In early April, we reported on the case of Kyle Goodwin, who used the MegaUpload file sharing site to store videos made legally by him for his business, OhioSportsNet. All those files have now been kept from him in the wake of the shut down of those servers in January by the US government. Goodwin, with the backing of the Electronic Frontier Foundation, asked the courts in April to force the government to free up the files he has stored on MegaUpload's servers.
Well, it looks like the courts, and the US government, have done little on this issue. So the EFF announced today that it has filed yet another legal brief in US federal court, asking them to order the government to free up Goodwin's files from those servers.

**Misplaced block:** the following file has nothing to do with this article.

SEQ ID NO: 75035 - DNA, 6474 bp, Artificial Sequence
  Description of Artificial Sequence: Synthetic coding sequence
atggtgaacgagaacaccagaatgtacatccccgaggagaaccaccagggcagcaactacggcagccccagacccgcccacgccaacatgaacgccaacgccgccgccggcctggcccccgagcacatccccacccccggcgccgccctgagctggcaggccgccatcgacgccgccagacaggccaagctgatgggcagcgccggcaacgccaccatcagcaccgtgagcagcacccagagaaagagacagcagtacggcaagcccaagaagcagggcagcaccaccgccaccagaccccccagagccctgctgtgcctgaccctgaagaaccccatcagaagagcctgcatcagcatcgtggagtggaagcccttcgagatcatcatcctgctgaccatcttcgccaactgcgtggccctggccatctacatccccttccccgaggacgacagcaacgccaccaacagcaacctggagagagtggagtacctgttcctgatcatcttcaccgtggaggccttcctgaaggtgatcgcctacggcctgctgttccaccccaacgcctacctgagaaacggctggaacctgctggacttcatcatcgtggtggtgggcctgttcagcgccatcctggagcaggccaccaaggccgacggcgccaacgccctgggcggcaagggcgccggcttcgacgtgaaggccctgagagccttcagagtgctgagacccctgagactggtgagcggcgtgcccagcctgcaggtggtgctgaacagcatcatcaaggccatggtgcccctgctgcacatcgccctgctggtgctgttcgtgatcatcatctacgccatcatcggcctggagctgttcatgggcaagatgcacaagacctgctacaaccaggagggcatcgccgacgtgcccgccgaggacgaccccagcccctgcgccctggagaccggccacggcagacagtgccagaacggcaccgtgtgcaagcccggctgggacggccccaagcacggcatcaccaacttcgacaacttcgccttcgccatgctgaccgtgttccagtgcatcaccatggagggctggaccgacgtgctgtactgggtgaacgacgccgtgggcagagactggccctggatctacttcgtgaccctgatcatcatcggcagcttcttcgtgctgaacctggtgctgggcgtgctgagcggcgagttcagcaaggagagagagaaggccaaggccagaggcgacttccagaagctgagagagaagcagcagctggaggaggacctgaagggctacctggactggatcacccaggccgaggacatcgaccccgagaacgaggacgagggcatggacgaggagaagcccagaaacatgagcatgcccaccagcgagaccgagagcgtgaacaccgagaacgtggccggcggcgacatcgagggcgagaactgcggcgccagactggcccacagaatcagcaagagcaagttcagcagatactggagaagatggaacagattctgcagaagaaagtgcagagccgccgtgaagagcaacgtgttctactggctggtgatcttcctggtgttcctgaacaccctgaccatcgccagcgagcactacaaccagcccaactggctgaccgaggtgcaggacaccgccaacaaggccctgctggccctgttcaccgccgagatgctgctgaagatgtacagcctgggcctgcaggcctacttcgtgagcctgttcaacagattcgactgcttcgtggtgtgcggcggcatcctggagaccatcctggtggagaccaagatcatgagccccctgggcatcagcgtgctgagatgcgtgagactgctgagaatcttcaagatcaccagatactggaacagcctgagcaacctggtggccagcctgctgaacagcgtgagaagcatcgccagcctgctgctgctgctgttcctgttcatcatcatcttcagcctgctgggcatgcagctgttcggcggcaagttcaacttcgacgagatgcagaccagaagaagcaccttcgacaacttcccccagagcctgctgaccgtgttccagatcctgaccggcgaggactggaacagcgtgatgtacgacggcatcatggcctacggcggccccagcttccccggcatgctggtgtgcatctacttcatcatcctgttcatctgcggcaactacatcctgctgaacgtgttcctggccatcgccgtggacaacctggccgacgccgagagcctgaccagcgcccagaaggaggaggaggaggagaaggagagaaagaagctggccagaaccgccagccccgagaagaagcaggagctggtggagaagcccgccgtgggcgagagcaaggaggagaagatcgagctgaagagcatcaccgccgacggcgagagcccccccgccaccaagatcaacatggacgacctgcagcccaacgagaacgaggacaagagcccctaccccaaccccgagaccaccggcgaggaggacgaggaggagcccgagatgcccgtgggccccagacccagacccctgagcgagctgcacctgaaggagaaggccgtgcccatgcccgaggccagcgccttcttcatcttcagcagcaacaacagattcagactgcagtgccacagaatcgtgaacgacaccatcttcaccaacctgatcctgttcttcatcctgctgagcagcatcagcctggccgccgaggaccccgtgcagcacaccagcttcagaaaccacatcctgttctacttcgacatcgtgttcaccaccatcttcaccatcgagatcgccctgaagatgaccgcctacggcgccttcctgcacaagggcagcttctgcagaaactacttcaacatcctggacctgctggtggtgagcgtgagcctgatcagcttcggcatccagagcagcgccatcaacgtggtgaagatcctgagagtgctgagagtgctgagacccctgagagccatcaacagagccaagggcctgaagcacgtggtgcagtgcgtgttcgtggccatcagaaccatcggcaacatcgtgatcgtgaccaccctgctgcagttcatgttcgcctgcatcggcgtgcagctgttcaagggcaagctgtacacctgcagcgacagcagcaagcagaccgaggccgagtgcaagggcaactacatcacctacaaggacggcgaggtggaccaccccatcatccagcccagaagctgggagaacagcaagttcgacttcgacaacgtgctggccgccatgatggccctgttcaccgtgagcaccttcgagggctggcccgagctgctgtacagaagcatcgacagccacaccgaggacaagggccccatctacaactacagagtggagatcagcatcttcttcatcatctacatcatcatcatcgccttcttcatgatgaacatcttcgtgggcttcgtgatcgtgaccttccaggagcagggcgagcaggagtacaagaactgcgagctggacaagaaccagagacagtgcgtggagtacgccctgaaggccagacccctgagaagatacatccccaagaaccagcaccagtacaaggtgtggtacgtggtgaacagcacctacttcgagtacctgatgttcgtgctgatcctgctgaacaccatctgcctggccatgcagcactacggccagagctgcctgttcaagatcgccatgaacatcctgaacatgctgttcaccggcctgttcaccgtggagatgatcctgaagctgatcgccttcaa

In a statement, the EFF said:
And it’s not just about Kyle’s property: it’s about the property of many other legal Megaupload users, too. We’ve asked the court to implement a procedure to make all of those consumers whole again by granting them access to what is legally theirs. Especially given that the use of cloud computing services is already widespread and poised to grow exponentially in the next few years, we believe the court should ensure that such innocent users do not become regular collateral damage.
Meanwhile, the court actions against MegaUpload's founder Kim Dotcom continued this week. It turns out the FBI illegally removed Dotcoms data and hardware out of New Zealand and shipped it back to the US, without notifying the courts.